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Over the course of 30 days I have asked 47 people (24 from group A and 23 from group B) which of four foods they prefer, making up a total of 1410 observations:

     choice
group apple orange pizza beer
    A   340     63   216  101
    B   424     65   125   76

Because I have asked the same person multiple times, the observations (within each group) are not independent and I cannot use a chi-squared test to compare the distributions.

What I want to know is: Which foods are chosen significantly more often by one group than the other? My hypothesis is that group A prefers pizza and beer, while group B prefers fruits. I assume that the preference does not change over (such a short) time and am not interested in the longitudinal aspect of the survey.

What test can I use?


Attempt at a solution:

Basically, the repeated measures (of the same person) are something like repeatedly measuring the length of a stick to obtain a more accurate measurement and average out measurement errors. I therefore thought that for each person I might calculate the percentage of each answer category. Thus, 100% of answers of one person would then divide into, for example, 40% apple answers, 30% orange, 20% pizza, and 10% beer. Represented as probabilities (that sum up to 1 for each person), I would then have data like this::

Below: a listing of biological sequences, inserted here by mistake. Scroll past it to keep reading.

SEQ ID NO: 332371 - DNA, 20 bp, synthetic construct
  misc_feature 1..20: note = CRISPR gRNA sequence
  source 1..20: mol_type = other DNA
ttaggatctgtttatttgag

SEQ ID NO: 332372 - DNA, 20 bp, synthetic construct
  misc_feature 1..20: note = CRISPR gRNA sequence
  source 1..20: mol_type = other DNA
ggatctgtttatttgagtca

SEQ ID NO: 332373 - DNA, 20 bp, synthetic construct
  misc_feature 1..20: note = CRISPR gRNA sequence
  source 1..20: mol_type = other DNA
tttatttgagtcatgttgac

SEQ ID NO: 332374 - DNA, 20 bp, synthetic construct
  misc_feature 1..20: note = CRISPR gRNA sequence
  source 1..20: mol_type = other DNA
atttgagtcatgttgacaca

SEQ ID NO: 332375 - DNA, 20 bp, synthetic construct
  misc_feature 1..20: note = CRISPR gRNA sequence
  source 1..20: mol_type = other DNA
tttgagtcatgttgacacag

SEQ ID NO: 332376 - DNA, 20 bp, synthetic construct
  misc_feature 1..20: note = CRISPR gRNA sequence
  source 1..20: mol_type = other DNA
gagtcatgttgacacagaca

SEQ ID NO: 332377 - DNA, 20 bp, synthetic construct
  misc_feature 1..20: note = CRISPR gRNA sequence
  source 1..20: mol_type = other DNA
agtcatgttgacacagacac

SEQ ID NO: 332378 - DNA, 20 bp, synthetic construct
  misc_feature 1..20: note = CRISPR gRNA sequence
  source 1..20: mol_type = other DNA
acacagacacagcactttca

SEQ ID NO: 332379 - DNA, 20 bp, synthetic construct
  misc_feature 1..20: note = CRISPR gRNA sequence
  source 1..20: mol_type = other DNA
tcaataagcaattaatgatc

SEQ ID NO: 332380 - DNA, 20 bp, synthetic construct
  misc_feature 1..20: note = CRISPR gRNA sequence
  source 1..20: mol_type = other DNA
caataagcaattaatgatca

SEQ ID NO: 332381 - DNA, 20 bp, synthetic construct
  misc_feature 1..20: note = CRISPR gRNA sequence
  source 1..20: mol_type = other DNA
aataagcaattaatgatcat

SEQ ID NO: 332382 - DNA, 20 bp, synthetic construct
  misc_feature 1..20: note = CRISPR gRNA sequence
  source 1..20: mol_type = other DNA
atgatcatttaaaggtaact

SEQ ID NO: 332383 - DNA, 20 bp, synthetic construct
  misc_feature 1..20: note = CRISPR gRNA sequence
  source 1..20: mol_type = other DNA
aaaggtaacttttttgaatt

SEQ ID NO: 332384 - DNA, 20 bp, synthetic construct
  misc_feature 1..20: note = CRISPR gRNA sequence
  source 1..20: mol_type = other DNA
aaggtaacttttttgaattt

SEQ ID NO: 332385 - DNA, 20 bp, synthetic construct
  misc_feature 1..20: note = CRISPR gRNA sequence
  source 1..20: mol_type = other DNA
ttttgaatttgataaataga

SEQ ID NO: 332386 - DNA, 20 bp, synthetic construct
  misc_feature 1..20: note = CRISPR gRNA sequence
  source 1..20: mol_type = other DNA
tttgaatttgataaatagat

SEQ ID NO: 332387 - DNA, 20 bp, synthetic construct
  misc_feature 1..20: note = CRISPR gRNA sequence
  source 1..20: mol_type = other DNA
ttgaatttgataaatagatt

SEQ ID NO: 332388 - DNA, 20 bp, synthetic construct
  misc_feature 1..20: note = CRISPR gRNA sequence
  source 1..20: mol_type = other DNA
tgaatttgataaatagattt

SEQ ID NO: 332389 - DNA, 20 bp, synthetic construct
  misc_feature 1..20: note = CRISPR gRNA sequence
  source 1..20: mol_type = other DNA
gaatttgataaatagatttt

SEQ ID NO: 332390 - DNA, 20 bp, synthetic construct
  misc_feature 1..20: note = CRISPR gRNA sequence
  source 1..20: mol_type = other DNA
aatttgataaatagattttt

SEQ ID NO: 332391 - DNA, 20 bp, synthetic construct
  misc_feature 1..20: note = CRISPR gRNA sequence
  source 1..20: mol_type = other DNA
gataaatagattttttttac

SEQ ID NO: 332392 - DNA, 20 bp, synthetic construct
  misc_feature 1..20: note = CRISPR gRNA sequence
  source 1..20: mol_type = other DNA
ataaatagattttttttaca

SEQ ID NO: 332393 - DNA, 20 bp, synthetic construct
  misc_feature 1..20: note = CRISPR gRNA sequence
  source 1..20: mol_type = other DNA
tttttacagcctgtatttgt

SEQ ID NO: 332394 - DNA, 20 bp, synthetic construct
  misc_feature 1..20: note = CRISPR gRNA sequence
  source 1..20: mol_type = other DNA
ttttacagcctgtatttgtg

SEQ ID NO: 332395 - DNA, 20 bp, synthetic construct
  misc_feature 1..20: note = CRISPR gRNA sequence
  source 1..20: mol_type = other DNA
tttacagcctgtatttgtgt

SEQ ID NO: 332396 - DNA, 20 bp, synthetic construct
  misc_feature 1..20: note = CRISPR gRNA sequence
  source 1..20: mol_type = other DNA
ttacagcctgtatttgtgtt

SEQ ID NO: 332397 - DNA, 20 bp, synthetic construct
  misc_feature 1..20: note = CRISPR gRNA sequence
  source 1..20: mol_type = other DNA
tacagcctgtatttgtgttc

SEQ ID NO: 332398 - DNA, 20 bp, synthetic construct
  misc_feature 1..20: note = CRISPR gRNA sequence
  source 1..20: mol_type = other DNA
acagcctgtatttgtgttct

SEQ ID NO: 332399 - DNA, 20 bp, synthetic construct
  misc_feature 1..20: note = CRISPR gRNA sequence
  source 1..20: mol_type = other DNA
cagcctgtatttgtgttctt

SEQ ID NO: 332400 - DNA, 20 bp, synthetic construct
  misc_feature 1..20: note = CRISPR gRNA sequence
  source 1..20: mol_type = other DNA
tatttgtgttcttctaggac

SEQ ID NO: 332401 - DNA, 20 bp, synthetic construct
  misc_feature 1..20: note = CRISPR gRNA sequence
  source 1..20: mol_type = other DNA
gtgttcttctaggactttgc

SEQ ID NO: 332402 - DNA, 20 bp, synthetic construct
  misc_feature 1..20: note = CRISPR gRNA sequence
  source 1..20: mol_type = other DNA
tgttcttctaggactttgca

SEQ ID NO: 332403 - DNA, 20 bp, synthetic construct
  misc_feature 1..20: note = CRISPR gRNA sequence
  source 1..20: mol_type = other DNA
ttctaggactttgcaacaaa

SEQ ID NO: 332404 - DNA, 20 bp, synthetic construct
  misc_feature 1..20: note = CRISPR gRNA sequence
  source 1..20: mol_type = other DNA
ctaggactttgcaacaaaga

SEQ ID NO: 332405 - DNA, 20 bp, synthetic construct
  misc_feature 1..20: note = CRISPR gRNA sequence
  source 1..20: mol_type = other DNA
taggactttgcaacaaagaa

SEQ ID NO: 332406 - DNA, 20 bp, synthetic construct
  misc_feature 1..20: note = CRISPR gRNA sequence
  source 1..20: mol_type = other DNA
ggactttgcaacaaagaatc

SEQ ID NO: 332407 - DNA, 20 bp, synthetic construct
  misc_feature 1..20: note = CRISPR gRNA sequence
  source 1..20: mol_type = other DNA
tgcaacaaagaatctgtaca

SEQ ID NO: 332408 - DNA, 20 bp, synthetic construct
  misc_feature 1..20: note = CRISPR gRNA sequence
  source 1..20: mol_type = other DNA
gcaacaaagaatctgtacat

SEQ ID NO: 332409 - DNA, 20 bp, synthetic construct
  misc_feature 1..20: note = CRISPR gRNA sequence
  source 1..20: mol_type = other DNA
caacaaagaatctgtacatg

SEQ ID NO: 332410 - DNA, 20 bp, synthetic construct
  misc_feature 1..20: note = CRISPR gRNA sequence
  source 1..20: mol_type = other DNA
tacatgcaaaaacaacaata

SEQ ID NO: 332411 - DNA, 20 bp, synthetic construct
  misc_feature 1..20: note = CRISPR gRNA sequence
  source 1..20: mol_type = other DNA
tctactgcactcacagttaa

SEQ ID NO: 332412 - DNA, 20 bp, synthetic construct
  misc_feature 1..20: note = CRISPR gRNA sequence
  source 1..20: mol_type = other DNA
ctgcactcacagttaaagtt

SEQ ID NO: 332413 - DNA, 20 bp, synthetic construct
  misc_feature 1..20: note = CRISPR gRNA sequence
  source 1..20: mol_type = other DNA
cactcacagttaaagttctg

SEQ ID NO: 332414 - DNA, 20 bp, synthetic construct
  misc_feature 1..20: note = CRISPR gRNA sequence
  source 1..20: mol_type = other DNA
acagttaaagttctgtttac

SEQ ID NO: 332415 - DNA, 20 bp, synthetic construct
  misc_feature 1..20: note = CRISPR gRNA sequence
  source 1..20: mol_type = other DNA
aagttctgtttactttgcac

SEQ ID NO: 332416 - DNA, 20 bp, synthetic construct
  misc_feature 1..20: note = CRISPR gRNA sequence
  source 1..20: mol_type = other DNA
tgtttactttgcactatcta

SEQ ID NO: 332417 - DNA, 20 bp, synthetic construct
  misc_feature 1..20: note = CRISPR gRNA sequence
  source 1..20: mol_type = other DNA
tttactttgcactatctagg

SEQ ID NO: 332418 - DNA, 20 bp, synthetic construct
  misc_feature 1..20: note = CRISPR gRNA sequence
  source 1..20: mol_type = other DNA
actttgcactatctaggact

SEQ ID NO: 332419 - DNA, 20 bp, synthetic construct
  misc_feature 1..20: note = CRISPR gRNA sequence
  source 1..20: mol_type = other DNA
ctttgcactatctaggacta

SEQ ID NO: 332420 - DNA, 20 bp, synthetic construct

person group apple orange pizza beer
     1     A   0.4    0.3   0.2  0.1
     2     B   ...

In this way I would have "deleted" the within-person interdependence and would then perform a t-test on the resulting two numeric vectors.

But I am unable to judge whether this is a valid procedure for the kind of data I have. Also, I would prefer to use a published and reviewed test, if such a one exists.


Sample data:

food <- c("apple", "orange", "pizza", "beer")
dat <- data.frame(
                  group  = rep(c("A", "B"), c(720, 690)),
                  choice = c(
                             rep(food, c(340, 63, 216, 101)),
                             rep(food, c(424, 65, 125, 76))
                            )
                 )
tab <- table(dat)
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  • $\begingroup$ I think longitudinal categorical analysis fits your need. I'm not very familiar with the subject myself, so I'm sorry I can't help more. CatGEE $\endgroup$ – Jirapat Samranvedhya Aug 22 '17 at 16:52
  • $\begingroup$ Thank you, @JirapatSamranvedhya, my question was phrased somewhat unclearly. I am not interested in the longitudinal factor. I edited my question. $\endgroup$ – user167929 Aug 22 '17 at 18:22